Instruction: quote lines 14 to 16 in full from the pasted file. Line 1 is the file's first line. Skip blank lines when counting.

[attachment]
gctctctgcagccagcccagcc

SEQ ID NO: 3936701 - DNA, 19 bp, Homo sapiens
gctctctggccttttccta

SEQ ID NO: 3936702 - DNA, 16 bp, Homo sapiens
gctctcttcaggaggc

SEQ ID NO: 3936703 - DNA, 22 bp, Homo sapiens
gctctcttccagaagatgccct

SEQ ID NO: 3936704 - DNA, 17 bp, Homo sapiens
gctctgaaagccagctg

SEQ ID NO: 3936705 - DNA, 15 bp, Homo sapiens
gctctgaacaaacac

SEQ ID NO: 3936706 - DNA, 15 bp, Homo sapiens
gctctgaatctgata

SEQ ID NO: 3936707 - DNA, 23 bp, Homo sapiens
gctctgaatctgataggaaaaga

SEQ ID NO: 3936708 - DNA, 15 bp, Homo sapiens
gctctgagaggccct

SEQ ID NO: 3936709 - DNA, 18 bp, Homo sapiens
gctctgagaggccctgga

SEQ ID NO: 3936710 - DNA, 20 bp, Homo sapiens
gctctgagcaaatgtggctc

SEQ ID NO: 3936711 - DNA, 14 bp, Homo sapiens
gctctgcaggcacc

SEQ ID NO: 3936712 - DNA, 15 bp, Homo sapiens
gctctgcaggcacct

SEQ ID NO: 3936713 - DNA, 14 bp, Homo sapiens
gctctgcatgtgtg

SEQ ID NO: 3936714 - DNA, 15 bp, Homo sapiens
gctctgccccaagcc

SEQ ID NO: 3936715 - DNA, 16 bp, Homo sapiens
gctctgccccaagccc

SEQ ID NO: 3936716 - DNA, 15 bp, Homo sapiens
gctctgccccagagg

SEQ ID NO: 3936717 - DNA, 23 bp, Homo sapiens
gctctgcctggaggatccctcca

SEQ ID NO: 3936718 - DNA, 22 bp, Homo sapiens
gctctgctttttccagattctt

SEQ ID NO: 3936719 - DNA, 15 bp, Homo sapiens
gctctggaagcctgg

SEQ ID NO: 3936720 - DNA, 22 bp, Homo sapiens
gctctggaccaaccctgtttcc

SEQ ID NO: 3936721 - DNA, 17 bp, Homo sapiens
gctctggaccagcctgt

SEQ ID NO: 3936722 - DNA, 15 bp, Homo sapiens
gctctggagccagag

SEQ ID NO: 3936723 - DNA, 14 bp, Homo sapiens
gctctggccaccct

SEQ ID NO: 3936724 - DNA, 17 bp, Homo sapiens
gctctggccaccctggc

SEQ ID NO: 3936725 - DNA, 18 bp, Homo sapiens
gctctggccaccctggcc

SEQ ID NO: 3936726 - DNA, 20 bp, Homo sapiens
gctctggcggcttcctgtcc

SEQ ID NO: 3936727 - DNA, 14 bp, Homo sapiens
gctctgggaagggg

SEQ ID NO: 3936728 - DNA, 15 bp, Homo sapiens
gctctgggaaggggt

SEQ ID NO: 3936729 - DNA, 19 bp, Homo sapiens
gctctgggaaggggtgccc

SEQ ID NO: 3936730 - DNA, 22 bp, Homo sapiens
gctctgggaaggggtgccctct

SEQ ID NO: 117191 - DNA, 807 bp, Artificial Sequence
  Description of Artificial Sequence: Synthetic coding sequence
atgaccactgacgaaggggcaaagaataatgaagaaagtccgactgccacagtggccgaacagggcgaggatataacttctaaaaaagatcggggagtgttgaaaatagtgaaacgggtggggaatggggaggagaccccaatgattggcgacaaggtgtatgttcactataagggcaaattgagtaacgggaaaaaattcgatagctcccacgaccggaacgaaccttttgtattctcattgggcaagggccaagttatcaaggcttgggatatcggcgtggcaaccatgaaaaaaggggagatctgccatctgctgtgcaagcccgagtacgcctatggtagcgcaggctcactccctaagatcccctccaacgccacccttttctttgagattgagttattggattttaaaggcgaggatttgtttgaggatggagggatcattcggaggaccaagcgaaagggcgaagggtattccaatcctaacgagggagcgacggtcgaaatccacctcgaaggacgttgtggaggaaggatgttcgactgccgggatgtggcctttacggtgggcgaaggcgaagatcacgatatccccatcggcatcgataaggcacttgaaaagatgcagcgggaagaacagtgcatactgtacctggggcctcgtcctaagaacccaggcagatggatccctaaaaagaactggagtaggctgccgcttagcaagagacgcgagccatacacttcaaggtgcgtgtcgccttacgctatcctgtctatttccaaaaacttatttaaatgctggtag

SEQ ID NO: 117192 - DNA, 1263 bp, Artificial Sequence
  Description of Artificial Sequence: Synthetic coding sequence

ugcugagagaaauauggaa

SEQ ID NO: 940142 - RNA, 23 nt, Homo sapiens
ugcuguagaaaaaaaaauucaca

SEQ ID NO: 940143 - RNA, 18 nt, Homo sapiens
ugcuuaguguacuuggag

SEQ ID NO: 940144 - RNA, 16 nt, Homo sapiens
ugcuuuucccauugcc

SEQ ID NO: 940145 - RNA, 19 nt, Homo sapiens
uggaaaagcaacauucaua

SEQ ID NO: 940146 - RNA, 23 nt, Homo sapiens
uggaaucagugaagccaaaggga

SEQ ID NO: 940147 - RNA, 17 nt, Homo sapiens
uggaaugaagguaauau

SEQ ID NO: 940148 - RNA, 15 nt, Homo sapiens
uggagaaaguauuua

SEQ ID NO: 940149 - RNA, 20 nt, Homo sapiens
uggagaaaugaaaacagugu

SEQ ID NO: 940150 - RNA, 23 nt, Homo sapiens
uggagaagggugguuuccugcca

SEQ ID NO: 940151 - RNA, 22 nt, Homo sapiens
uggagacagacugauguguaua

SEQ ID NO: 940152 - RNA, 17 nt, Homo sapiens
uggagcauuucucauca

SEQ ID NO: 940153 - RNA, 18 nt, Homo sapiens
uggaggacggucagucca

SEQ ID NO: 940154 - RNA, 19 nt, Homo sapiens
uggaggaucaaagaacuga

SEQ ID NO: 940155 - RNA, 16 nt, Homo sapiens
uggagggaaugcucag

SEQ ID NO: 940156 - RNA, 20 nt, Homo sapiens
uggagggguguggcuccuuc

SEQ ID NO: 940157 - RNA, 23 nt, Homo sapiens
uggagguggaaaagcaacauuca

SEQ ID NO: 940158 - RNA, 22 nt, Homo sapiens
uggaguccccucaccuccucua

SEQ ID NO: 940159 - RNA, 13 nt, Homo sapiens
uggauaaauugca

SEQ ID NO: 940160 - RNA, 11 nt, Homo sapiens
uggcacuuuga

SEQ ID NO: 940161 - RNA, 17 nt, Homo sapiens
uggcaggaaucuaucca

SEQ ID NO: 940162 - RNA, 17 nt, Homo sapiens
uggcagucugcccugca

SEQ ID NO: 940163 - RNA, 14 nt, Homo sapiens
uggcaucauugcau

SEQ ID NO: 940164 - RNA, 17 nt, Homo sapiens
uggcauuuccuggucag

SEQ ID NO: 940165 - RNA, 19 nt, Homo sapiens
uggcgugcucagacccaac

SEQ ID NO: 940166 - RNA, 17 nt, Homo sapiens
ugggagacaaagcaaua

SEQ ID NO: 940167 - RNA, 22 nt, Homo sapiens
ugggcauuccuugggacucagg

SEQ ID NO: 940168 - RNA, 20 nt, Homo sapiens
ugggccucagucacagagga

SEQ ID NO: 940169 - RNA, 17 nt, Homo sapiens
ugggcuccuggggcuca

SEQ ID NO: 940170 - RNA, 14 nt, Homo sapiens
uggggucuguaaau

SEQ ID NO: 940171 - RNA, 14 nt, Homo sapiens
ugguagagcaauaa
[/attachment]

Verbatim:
SEQ ID NO: 3936707 - DNA, 23 bp, Homo sapiens
gctctgaatctgataggaaaaga

SEQ ID NO: 3936708 - DNA, 15 bp, Homo sapiens